If we uncheck the include Other group, then any values not in our groups are listed individually, as shown below (Unknown is our only customer not grouped).

Unknown is our only customer not grouped

Finally, you may want to edit your groups. You can, as shown next, right click on the group or click on the ellipse next to the group field, and select Edit Groups.

Edit Group in Power BI

While editing the group, you may have noticed that the default names for the groups may not always be appropriate; they are actually set to the first value in the list group. However, if you double click on the group name (not the name field, but the actual individual group name), you can rename it. As shown below, I am highlighting "(Absecon, NJ) & ...".

Ranme Group in Groups Interface in Power BI

Once I delete this text, we now have a more appropriate individual group name.

Rename Result in Power BI

Binning in Power BI

Setting up Bins works in a fashion very similar to groups except the grouping only works on numeric, date, or equivalent type fields. The initial process is the same as for grouping, except after clicking the New group options, we are presented with a different grouping screen, as shown below. We still need to name our new Bin Group, but group type is now set to Bin; we can change this back to list if desired. Thus, in the below example, we are splitting the InvoiceID field in bins of 1000; that means that we will group the InvoiceID into groups of 1000 invoices.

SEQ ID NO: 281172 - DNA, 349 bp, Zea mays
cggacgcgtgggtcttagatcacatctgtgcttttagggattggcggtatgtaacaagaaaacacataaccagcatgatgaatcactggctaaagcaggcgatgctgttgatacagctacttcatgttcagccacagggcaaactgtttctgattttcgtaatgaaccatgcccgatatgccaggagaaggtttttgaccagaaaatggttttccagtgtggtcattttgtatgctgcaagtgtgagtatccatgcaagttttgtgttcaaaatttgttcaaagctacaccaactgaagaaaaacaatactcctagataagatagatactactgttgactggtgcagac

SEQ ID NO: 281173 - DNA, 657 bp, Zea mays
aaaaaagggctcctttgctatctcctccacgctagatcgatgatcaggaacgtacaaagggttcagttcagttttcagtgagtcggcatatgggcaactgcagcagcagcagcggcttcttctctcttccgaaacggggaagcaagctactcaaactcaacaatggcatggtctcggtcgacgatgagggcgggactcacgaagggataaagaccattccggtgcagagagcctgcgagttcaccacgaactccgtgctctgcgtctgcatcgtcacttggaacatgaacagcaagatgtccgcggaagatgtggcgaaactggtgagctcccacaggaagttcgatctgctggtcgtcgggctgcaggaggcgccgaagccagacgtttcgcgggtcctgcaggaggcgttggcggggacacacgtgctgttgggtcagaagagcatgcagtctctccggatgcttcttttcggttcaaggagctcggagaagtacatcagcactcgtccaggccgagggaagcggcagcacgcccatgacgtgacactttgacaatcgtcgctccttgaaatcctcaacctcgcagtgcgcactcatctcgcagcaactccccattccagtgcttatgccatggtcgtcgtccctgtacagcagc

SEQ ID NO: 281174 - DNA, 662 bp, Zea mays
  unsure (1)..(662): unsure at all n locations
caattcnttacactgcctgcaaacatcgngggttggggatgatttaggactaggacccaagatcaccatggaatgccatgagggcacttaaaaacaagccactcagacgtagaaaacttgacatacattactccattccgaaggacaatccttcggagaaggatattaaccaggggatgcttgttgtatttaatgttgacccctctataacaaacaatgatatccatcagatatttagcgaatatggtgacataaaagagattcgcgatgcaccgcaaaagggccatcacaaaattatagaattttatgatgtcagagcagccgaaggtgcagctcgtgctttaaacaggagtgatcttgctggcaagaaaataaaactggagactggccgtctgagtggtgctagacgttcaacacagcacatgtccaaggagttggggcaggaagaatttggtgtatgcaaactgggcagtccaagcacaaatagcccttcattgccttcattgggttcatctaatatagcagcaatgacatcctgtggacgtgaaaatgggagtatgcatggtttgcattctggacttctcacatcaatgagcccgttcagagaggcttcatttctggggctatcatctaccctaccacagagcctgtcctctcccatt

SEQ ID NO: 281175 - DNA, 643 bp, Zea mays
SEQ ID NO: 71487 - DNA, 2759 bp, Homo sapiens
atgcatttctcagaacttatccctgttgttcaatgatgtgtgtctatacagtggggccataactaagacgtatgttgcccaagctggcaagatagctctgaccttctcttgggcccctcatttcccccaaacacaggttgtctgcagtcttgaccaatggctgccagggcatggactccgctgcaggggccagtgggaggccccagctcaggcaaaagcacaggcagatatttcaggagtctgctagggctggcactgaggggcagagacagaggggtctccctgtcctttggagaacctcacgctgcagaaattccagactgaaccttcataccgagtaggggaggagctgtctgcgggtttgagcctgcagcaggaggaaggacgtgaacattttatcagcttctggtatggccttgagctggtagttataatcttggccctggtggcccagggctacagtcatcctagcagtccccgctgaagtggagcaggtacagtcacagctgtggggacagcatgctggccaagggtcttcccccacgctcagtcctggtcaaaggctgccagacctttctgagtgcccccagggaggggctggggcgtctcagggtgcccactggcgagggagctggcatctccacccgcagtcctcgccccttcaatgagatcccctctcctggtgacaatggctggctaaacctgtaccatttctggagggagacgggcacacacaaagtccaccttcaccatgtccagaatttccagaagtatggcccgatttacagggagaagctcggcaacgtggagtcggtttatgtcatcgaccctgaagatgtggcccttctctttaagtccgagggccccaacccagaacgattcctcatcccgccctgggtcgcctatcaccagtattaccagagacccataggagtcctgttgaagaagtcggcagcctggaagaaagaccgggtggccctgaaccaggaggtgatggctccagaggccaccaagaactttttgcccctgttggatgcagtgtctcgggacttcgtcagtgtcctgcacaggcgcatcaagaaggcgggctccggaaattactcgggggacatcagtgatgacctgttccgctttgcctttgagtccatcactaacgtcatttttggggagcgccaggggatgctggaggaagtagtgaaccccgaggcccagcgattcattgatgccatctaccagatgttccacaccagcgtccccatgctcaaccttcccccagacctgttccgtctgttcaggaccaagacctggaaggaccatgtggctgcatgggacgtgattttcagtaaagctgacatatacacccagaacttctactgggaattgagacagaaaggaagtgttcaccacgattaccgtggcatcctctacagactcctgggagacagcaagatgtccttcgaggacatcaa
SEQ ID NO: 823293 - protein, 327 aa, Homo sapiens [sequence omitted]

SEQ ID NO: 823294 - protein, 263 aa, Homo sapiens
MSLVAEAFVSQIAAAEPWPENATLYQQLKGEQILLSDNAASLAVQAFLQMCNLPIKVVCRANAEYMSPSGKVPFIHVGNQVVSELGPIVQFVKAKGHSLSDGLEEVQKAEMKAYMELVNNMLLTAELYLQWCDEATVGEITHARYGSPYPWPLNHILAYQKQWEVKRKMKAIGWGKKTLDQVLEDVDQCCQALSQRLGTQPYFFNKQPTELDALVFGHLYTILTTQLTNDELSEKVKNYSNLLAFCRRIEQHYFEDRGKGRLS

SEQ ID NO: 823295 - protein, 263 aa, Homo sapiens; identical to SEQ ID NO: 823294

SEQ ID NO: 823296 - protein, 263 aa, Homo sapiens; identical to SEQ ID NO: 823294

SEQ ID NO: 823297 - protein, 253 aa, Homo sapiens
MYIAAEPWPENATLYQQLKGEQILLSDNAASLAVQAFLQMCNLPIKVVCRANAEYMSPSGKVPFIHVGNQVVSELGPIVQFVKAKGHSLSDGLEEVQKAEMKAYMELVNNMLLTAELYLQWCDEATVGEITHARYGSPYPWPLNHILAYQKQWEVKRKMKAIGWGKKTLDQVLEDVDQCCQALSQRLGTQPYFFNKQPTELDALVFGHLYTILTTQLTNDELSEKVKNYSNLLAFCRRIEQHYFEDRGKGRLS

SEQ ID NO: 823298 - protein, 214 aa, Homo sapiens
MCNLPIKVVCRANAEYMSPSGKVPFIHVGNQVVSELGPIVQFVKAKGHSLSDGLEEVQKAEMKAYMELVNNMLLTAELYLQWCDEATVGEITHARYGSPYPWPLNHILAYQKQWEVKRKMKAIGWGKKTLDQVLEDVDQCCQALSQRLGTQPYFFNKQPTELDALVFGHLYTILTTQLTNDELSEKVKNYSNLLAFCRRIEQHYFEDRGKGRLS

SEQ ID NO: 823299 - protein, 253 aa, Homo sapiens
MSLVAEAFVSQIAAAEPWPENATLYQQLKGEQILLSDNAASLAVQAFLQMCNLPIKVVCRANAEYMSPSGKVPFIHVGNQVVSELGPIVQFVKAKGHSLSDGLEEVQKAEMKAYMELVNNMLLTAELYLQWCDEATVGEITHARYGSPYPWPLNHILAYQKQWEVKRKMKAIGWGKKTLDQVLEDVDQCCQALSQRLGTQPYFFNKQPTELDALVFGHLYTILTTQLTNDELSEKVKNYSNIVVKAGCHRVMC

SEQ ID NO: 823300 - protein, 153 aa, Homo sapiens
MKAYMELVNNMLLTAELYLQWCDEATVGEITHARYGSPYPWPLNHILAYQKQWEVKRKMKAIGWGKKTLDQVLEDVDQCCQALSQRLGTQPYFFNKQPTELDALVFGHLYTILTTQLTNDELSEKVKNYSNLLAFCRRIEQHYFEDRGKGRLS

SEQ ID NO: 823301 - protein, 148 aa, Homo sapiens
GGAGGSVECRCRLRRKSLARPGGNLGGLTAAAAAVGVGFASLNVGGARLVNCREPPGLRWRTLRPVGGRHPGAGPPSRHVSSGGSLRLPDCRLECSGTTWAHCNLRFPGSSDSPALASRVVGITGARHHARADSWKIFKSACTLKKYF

Binning in Power BI

Thus, we now have a new attribute called InvoiceID (bins), which we can drop onto our visualization as shown below. For our InvoiceID example, we have over 70,000 invoices, but using Bins reduces the number of data points to just 70.

Bins in Power BI

If you want to make the new bin more useful and allow for drill down, we can now make a new hierarchy with the Bin field and our original Invoice ID field. To complete this task, we would first right click (or click the ellipse next to) our Bin field and select New hierarchy. Next, we would click on the base InvoiceID field, click Add to Hierarchy, and then select the InvoiceID (bins) Hierarchy.